The man accused of shooting his son's high school football coach in the chest had a hit-list, reports CBS News Correspondent Bob McNamara.
"As far as I can tell, there were about five people on that list," says Canton Police Chief Mike Echols.
The names on the list haven't been made public, but five people were taken into protective custody until the incident was over, McNamara says.
Police believe the suspect acted alone, McNamara adds.
The man had been barred from the school after several earlier confrontations, including "shoving and verbally abusing" coaches, authorities said.
Jeffrey Doyle Robertson, 45, went to the school just after classes started Thursday and shot coach Gary Joe Kinne, apparently with a .45-caliber pistol, police said.
The coach, who also is the school's athletic director, was airlifted to a hospital in nearby Tyler, and a family spokesman said he was in critical condition.
Robertson, who has a tattoo on his arm of cartoon character Yosemite Sam brandishing two guns with the words "Born to Raise Hell," was later found in the woods with self-inflicted wounds, including cuts to his wrists and thigh, authorities said. He had two guns and a pocketknife with him, Canton Police Chief Mike Echols said.
Robertson was scheduled to be arraigned Friday morning.
McNamara says the suspect had a reputation as a hothead, and had been involved in several angry confrontations over the alleged teasing of his son by other students.
Echols said Robertson had been barred from Canton High and told not to attend football games after the confrontations, including "shoving and verbally abusing" coaches at the annual football picnic.
Police were investigating a possible motive. On Wednesday, Robertson's son, Baron, had apparently been banned from playing all school athletics, said Steve Smith Jr., a senior who was a defensive end and kicker on the team.
Smith's father described Robertson as "a very high-strung, hot-tempered individual" who threatened Smith Jr. last year, grabbing his shirt and pushing him up against a fence, over an on-field teasing. He said Baron Robertson, then a freshman, was walking off the field when some older students "razzed" him.
"This guy blew up," Steve Smith Sr. said. "He thought some kids were picking on his son. My son wasn't even the one who said anything. But he threatened to kill him," The Associated Press quotes Smith as saying.
"I told my son, you know, 'You lay low if you see this man around,' Smith Sr. told McNamara. "I said. 'He's a time bomb.' I felt that when I met the guy, just because of the things he said."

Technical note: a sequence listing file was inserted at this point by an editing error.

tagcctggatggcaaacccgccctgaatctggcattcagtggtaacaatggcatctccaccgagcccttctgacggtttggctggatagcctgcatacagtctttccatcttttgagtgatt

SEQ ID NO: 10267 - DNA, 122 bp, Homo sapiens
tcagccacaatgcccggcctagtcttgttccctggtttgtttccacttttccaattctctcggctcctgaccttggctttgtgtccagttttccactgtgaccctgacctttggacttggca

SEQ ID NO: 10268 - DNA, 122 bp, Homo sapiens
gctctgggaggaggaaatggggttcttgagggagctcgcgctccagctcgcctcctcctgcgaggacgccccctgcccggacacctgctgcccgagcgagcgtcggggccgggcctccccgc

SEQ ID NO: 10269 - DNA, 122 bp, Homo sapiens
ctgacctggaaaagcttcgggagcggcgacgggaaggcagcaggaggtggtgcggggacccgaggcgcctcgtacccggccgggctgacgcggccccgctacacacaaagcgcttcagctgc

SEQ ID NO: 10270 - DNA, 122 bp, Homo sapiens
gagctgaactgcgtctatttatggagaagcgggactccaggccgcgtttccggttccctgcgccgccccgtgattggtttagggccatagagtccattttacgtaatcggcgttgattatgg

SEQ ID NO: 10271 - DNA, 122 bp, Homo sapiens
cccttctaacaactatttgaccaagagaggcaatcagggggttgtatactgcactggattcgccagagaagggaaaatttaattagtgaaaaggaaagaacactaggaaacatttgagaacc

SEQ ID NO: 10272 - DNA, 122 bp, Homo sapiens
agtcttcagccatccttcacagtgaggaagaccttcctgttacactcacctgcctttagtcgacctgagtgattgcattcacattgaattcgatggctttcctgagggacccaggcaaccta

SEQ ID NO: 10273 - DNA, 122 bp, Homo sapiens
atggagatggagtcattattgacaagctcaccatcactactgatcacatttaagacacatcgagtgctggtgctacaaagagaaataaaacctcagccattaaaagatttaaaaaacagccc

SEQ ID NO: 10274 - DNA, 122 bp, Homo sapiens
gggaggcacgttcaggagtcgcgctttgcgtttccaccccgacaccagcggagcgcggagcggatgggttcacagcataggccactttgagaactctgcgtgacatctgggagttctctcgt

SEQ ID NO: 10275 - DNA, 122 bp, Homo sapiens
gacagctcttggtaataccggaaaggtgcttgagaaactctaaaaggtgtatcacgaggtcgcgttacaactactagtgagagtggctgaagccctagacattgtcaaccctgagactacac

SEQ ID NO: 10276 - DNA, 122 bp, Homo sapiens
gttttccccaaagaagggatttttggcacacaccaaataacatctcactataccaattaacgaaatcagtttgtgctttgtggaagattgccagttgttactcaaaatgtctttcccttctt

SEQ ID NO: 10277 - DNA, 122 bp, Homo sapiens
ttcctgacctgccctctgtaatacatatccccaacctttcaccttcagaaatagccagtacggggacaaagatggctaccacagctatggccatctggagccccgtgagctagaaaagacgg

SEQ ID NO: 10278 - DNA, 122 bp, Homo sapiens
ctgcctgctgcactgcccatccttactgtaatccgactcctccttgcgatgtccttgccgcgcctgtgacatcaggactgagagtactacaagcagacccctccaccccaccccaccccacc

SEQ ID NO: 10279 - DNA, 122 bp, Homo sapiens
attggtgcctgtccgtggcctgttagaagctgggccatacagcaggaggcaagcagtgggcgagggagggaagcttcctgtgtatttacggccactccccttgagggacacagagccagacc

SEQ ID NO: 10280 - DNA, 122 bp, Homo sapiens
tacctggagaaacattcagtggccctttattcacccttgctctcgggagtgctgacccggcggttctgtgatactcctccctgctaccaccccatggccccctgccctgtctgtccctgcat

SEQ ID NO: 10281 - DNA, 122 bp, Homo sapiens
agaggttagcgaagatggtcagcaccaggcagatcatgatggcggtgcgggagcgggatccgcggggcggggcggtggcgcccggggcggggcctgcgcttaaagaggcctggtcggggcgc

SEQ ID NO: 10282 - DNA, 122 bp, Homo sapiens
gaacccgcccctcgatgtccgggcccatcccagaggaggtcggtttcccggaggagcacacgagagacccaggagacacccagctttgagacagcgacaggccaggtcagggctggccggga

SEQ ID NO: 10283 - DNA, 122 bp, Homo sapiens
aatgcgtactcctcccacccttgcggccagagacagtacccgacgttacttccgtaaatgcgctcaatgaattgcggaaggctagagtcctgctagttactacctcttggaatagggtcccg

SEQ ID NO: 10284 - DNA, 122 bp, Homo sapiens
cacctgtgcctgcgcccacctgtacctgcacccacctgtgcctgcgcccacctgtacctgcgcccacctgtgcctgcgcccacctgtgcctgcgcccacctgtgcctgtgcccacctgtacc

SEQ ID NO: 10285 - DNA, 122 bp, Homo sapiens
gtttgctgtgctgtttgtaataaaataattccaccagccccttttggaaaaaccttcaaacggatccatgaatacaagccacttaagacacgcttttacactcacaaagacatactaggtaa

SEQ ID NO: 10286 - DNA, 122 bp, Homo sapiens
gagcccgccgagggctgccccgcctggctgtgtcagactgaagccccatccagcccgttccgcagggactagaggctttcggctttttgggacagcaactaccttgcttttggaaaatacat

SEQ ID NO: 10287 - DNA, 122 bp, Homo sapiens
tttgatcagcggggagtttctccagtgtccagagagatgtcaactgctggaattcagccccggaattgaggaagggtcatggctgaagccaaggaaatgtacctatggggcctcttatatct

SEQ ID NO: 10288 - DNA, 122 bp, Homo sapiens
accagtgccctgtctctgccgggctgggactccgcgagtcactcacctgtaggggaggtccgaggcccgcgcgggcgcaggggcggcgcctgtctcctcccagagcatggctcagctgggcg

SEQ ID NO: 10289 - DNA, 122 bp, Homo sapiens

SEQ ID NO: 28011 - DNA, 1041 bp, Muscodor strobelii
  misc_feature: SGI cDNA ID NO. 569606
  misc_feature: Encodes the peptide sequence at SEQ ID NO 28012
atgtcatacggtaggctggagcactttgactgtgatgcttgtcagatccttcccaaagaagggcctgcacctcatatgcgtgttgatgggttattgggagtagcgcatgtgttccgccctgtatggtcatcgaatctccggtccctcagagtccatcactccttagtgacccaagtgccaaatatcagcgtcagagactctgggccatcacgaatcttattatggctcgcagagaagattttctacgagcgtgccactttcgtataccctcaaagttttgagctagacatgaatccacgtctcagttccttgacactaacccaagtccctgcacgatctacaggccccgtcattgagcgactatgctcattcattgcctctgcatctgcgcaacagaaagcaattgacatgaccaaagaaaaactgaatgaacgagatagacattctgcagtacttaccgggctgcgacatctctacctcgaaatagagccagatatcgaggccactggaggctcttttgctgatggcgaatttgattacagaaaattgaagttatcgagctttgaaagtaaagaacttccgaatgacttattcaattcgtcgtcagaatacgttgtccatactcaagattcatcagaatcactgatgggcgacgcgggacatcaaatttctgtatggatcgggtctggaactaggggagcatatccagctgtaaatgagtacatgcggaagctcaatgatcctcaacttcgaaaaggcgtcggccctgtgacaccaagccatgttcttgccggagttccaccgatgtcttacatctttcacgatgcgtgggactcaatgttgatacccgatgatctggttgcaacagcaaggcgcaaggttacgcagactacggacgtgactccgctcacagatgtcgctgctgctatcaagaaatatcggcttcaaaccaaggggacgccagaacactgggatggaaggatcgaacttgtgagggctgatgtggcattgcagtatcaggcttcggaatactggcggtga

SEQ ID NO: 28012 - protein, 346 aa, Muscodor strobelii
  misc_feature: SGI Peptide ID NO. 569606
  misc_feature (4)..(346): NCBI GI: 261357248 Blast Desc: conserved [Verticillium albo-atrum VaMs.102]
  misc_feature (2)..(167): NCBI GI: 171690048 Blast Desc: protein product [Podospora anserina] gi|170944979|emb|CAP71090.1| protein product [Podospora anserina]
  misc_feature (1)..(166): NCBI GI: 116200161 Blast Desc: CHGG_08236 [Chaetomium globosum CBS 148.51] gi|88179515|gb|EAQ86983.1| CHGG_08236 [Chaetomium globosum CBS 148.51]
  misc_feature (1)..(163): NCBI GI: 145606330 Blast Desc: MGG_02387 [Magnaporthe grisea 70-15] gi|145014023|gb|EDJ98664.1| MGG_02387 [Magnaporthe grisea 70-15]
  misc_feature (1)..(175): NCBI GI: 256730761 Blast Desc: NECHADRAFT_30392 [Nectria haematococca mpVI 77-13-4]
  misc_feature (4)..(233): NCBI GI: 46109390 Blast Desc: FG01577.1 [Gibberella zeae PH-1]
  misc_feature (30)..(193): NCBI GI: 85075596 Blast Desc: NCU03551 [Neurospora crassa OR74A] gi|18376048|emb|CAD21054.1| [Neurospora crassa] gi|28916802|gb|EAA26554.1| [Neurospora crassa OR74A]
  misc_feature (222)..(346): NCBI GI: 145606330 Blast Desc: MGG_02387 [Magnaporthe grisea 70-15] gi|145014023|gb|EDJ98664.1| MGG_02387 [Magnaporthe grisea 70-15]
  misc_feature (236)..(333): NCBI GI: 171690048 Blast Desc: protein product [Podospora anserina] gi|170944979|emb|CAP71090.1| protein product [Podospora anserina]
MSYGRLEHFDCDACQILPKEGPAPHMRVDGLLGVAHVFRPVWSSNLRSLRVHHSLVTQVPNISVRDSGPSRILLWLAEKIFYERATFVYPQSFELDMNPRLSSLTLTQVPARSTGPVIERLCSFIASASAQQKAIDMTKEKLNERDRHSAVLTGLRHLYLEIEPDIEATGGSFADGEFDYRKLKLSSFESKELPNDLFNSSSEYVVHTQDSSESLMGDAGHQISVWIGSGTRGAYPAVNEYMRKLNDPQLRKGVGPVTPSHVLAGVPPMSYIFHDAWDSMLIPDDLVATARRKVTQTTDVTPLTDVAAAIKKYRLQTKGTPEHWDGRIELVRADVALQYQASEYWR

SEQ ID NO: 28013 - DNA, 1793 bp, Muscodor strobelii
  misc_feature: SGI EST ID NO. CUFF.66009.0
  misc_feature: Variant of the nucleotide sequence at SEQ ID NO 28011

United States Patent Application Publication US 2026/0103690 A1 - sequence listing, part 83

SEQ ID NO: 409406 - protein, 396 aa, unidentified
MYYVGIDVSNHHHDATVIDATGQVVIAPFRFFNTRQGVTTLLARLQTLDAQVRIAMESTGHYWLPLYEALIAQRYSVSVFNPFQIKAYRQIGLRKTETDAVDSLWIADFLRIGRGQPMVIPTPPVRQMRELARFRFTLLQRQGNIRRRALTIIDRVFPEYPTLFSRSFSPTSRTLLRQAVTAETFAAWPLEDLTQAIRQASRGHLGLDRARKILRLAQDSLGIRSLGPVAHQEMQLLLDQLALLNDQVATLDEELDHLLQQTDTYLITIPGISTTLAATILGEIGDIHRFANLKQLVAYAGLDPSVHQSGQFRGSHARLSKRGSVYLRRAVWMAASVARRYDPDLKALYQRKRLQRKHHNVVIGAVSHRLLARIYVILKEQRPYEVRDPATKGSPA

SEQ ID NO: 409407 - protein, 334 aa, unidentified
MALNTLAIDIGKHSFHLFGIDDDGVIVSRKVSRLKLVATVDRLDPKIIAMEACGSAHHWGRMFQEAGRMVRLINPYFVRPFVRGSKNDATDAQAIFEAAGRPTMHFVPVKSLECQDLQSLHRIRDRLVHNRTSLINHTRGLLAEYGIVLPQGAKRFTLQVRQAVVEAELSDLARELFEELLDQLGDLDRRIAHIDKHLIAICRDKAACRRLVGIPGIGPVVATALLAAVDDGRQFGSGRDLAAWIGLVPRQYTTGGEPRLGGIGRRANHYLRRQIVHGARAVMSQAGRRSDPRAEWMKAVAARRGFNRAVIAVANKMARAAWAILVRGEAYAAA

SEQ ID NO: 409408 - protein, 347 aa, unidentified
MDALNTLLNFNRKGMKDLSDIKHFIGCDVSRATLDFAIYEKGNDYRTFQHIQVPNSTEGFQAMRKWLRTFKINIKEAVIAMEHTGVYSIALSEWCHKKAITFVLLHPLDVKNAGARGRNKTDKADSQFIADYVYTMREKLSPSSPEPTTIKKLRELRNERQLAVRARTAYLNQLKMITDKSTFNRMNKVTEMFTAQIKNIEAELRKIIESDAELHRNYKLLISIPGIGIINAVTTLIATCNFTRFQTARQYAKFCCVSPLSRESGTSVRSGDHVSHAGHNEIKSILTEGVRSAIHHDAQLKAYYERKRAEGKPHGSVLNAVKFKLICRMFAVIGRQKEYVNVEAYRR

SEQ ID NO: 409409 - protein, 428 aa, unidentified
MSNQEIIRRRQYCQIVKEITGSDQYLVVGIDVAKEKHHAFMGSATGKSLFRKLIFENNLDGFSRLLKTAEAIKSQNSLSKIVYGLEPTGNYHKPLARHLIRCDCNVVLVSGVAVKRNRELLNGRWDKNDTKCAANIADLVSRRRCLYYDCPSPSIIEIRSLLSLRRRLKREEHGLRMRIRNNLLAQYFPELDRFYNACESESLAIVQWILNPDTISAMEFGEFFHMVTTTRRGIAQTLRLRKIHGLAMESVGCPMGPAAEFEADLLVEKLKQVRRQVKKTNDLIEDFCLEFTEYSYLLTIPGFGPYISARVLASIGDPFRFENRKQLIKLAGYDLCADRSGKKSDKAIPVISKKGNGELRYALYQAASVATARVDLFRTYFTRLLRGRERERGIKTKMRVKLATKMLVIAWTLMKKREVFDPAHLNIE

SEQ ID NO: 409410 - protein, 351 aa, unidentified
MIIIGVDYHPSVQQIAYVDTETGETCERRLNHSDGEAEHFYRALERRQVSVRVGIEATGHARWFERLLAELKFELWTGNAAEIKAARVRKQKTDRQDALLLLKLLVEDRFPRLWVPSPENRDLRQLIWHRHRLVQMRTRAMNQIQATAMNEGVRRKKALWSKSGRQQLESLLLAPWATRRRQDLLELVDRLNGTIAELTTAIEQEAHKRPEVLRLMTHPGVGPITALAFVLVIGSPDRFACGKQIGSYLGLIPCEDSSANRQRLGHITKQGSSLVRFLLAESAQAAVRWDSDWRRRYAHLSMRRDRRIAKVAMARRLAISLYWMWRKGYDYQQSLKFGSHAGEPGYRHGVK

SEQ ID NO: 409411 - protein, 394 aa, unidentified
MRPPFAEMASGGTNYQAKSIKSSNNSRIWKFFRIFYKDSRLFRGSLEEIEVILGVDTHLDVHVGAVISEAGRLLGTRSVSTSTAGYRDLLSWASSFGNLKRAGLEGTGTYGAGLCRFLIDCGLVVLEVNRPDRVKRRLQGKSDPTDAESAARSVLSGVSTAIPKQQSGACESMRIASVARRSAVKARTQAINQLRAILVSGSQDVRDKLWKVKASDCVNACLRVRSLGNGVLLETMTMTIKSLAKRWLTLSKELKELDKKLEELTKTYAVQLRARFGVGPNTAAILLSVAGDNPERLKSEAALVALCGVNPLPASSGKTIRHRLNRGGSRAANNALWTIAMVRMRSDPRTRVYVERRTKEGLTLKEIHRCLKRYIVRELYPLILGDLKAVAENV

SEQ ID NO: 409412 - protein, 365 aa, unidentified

Smith Jr. told The Early Show co-anchor Julie Chen Friday that Robertson threatened that evening to "take my whole family's life, for something I didn't do."
Smith Sr. told Chen his son then called him and said, "Dad, please come to the stadium just as soon as you can. Some guy is threatening my life."
Smith Sr. said he complained to the school and police, but Robertson was never charged.
Echols and Canton school district Superintendent Larry Davis said they were unaware of any previous threats.
Some parents had been upset that Kinne had made his own son the starting quarterback as a freshman, Smith Sr. said. G.J. Kinne was the Associated Press 3A all-state honorable mention quarterback last season.
Rhonda Miller, a cousin of Robertson's wife, was among the relatives gathered outside the jail Thursday night to help support Robertson's wife and son.
Miller said she didn't want Robertson portrayed as "a lunatic" because he wasn't the only one frustrated with the school's athletic program.
"A lot of parents are upset. This is not a single incident, and if they don't take care of it, it could escalate," she said, declining to elaborate.
Robertson worked for six years for Dallas Plumbing Co., leaving in 2002 to start his own business with another man. Company President John Downs described Robertson as a good employee and a devoted father who enjoyed taking his son hunting and fishing.
The last time Downs saw Robertson was about six months ago, when Robertson had a broken leg, bruises and abrasions from a road-rage-related fight on the side of a highway, he said.
"The last conversation that I had with him was that he really needed to learn how to control his temper or he was going to get hurt worse than that," Downs said.
Canton is a town of about 3,500 some 60 miles east of Dallas, and is known for holding a massive flea market each month.
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